Tramps Like Us – Blinded by the Light

I confess myself to be a little bit biased when it comes to Gurinder Chadha’s new film, Blinded by the Light, as I am a huge, lifelong fan of the music of Bruce Springsteen. I’ve been listening to his work since I was a child in Delaware (not too far from Asbury Park, NJ). The first song I remember hearing of his was “Glory Days,” which I sang at karaoke once and impressed the hell out of my mom, especially since I was drunk off my ass. I’ve only seen him live in concert once (as opposed to the film’s co-writer and inspiration, Sarfraz Manzoor, who is revealed at the end to have seen The Boss more than 150 times), but it was about as close to a religious experience as a Doubting Thomas like myself can get.

So yeah, I was more than predisposed to love this movie, because Springsteen is one of the few artists out there that can truly inspire life-changing moments. But I like to think that even if you’re not a fan of his work that you can still truly enjoy what is one of the real feel-good movies of the year, a poignant coming-of-age tale with parallels to today’s social issues.

Based on Manzoor’s memoir, Greetings from Bury Park (the title being a play on the Luton, England neighborhood where he grew up), the film centers on a teenage Pakistani boy named Javed (newcomer Viviek Kalra, looking charmingly like a tan Daniel Radcliffe), the son of immigrants growing up in Margaret Thatcher’s UK in 1987, when global economies crashed, unemployment was rampant, and anit-immigrant racism was at a fever pitch. Sound familiar?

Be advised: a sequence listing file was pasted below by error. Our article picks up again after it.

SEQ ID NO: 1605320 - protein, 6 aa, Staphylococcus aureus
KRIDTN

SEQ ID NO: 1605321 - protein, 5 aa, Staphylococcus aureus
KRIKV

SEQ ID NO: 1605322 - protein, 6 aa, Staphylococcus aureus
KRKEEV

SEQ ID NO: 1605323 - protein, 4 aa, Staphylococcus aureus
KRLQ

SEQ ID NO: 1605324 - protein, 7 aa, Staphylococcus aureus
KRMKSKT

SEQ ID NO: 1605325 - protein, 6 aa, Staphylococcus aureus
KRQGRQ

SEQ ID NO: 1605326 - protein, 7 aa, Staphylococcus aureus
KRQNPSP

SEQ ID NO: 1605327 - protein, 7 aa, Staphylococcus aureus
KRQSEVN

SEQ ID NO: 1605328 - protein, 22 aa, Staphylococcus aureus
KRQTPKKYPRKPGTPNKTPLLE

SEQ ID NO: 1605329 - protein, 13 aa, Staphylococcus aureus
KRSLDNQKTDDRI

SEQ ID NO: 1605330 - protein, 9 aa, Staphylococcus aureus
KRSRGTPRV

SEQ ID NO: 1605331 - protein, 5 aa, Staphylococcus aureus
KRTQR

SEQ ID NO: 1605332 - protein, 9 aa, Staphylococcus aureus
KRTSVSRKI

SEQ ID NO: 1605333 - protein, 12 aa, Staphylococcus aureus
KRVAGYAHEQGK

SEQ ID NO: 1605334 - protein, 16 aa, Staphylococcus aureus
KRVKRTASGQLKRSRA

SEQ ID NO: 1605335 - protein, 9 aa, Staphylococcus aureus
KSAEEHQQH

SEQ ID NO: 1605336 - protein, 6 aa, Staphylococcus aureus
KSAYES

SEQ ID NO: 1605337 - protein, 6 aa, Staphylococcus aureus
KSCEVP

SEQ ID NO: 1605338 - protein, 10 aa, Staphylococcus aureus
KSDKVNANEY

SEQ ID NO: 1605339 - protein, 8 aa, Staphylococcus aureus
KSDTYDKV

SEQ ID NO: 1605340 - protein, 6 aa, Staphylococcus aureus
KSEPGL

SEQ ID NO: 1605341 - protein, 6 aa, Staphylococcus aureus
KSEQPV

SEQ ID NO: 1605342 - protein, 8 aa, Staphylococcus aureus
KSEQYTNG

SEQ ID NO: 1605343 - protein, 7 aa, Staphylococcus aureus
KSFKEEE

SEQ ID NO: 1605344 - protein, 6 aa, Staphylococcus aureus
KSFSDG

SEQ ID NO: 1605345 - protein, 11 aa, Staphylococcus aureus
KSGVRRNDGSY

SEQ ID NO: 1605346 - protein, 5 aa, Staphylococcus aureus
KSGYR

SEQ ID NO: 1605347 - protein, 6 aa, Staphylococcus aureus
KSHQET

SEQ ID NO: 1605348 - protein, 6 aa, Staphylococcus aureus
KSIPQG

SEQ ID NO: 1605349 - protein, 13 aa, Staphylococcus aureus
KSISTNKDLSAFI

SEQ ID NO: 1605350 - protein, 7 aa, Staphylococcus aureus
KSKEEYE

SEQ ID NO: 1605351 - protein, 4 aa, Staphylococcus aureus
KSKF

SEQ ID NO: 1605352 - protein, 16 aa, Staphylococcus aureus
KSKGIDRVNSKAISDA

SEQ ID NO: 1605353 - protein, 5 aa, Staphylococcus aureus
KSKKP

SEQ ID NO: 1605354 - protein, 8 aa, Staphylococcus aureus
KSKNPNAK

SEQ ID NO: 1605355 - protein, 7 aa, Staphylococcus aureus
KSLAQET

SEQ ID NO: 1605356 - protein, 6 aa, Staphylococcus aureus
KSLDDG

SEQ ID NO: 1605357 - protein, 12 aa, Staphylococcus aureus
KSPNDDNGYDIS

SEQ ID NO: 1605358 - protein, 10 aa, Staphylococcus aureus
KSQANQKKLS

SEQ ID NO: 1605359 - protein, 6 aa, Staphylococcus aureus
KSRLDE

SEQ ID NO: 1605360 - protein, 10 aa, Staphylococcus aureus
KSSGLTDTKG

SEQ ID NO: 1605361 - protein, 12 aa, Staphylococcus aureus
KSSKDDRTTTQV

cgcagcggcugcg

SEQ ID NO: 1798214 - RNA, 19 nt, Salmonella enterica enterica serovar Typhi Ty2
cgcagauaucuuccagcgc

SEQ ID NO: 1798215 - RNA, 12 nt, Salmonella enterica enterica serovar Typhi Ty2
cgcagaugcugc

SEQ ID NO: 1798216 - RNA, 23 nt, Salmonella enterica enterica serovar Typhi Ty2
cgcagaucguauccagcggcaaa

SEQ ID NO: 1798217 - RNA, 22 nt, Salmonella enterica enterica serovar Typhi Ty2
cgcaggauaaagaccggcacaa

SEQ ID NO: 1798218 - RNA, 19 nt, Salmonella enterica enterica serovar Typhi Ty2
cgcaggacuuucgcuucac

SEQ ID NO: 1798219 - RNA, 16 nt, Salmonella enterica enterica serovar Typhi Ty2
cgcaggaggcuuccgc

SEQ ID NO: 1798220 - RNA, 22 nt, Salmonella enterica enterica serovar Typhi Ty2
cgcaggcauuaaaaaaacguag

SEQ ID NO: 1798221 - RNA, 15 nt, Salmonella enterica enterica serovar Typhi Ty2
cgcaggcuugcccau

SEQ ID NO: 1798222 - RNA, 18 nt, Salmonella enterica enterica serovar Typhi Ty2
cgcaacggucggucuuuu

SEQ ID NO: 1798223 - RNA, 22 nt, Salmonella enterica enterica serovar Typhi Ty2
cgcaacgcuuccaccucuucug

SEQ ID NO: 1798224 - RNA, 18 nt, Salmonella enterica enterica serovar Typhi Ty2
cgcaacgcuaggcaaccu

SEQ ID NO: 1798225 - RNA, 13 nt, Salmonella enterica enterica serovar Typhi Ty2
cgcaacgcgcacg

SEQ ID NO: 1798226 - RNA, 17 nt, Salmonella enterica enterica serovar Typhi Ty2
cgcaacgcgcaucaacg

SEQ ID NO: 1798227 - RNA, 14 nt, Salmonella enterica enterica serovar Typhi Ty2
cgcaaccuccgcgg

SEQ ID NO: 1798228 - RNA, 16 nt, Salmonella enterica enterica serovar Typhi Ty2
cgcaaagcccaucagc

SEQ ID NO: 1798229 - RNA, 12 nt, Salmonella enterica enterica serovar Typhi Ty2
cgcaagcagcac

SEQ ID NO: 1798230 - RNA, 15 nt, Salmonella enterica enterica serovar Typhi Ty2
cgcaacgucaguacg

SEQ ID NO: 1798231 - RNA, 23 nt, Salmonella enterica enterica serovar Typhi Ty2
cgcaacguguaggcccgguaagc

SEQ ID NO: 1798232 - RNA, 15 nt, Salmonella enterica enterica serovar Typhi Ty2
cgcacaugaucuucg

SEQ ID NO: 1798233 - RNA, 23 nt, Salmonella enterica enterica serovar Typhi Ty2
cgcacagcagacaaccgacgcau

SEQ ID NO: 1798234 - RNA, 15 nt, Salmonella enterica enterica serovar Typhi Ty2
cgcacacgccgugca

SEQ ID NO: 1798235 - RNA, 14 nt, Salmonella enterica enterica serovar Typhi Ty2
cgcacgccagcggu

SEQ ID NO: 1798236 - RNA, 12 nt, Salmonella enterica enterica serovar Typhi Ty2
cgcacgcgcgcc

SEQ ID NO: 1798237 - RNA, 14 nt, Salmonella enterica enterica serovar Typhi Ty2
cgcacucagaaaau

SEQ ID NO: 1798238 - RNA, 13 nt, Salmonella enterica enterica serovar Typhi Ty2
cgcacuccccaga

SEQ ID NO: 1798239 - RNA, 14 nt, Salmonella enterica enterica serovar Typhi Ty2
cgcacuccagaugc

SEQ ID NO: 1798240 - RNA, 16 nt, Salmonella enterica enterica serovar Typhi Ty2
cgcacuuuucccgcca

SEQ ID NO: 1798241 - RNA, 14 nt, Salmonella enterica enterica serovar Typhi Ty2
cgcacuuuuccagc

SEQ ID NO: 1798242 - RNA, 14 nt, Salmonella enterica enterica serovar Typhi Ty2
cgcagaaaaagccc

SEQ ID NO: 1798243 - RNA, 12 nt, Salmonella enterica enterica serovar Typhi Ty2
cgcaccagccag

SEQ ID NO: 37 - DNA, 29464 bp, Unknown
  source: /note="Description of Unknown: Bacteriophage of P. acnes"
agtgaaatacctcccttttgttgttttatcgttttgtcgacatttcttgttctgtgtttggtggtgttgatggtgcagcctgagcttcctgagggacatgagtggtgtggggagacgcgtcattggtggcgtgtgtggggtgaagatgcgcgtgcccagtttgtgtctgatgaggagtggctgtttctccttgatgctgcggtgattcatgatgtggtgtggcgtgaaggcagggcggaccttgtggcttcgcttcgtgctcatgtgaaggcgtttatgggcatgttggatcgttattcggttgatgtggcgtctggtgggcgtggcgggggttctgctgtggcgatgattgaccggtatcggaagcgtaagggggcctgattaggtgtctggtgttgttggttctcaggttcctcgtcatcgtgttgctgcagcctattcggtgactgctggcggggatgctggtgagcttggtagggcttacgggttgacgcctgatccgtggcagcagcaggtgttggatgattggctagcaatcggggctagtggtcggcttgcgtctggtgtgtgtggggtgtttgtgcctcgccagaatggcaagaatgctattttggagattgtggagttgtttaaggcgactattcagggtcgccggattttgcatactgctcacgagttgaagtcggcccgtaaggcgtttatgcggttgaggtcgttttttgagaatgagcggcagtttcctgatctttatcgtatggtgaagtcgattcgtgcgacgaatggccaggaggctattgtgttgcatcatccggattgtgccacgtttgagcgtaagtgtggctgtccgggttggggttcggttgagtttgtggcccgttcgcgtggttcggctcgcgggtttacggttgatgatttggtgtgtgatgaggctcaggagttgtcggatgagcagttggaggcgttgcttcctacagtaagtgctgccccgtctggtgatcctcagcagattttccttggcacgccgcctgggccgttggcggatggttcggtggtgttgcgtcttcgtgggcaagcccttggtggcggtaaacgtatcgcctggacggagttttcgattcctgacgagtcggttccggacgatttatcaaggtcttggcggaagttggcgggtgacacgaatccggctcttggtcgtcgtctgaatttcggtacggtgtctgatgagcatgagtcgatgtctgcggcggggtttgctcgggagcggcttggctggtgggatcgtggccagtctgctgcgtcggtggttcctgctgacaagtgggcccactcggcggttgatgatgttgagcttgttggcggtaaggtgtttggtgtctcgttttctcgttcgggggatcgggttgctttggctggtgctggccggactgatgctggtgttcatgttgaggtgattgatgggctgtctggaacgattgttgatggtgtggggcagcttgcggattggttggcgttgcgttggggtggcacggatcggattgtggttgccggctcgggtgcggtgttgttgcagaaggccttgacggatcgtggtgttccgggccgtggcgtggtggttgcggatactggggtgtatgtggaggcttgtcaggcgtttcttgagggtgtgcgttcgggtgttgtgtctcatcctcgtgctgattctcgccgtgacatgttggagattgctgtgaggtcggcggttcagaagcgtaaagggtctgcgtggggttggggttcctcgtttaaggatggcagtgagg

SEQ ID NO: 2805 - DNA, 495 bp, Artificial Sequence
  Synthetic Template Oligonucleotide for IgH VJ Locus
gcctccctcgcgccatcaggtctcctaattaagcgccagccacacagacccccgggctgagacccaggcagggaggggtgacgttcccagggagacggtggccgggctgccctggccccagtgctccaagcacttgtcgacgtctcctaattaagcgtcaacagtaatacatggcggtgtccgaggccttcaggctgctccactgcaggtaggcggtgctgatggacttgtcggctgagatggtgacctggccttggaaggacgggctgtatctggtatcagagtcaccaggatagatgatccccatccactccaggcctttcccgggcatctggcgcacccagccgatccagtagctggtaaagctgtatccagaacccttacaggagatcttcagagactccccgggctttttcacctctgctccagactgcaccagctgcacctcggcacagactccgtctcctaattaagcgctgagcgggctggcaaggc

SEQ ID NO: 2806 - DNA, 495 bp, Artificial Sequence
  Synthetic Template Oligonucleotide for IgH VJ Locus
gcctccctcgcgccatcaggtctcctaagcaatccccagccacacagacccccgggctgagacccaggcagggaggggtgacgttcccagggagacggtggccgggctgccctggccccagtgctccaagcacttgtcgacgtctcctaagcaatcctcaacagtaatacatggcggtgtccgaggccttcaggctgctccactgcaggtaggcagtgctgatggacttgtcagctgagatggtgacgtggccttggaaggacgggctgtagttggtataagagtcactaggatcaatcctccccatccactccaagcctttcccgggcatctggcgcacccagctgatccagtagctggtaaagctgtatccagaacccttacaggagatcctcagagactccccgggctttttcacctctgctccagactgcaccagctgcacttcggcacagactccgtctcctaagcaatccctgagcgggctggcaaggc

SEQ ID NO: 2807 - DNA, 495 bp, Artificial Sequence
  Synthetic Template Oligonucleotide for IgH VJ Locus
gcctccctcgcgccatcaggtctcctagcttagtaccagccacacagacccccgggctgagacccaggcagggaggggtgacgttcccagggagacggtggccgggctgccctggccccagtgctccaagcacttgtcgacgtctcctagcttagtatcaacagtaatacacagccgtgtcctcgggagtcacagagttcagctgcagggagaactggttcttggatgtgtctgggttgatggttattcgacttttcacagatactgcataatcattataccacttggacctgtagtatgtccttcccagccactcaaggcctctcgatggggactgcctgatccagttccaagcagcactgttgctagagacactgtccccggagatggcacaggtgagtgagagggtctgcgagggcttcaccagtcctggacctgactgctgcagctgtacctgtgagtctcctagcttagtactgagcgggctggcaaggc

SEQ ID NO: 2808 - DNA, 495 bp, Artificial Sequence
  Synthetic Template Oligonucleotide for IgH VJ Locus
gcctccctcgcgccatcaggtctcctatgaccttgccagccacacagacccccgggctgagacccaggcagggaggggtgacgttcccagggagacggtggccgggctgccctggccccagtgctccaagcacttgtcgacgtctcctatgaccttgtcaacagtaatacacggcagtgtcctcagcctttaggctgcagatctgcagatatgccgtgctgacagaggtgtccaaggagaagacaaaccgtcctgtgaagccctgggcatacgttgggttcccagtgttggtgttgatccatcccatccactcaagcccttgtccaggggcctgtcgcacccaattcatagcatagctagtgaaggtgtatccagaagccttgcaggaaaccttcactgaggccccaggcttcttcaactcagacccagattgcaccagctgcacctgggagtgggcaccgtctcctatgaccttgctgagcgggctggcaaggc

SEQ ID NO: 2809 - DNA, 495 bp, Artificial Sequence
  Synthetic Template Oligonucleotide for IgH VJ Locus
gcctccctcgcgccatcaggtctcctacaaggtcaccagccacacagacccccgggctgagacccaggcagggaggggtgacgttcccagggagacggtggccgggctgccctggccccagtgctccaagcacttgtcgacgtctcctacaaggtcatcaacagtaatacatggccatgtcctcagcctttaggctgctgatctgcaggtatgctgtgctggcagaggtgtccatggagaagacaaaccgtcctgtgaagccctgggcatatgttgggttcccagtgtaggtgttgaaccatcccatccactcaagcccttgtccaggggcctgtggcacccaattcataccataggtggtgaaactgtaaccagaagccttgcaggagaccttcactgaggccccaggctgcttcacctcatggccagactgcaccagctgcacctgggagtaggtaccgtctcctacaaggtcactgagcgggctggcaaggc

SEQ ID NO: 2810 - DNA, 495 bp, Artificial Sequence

Javed is about to enter a new school in order to study for his A-Levels, so he can go to college and hopefully begin a high-income career. His father Malik (Kulvinder Ghir) has just been laid off, and wants his son to have a much more lucrative life than his. He also wants him to contribute any and all earnings to the family, and honor his heritage while keeping his head down in public. Javed, however, is a budding writer and poet, penning song lyrics for his friend Matt’s (Dean-Charles Chapman) synth pop band, which Matt finds too depressing. Malik finds creative writing to be a frivolous hobby at best. The “Old World Father/New World Son” dynamic is hit hard in this movie, with just about every conceivable box checked.

After an awkward first day, begun by his father telling him to avoid girls but follow the Jewish kids to get good grades and ending with him being chased by a National Front skinhead, Javed runs into Roops (Aaron Phagura), the other Pakistani student at the school (he’s Sikh while Javed is Muslim), who lends him two Bruce Springsteen cassettes, telling him that Bruce speaks truth to their life experience. When Javed finally hears the music (beginning with “The Promised Land” and “Dancing in the Dark” – great fucking choices!), the yearning for a better future and the empathy for the working class resonates so deeply that it changes his entire outlook on life. Having temporarily abandoned his writing, he recovers his poems and gives them to his English teacher (Hayley Atwell, seemingly free from the MCU at last), who gives him the encouragement he needs to pursue his goals.

Bruce’s music ends up permeating just about every aspect of Javed’s life. He gets a job with Matt’s dad (Rob Brydon), where a duet on “Thunder Road” gives him the confidence to ask out his super liberal classmate Eliza (Nell Williams). He uses “Badlands” to stand up to some racists trying to intimidate him and Roops in a cafe. He’s able to take social gambles like going to a nightclub with his sister during the day and learns that she too is dating (their other sister is preparing for an arranged marriage). It also drives him to make stupid errors, like sneaking out on his sister’s wedding party to buy concert tickets, or insulting Matt when his dad mocks his musical tastes.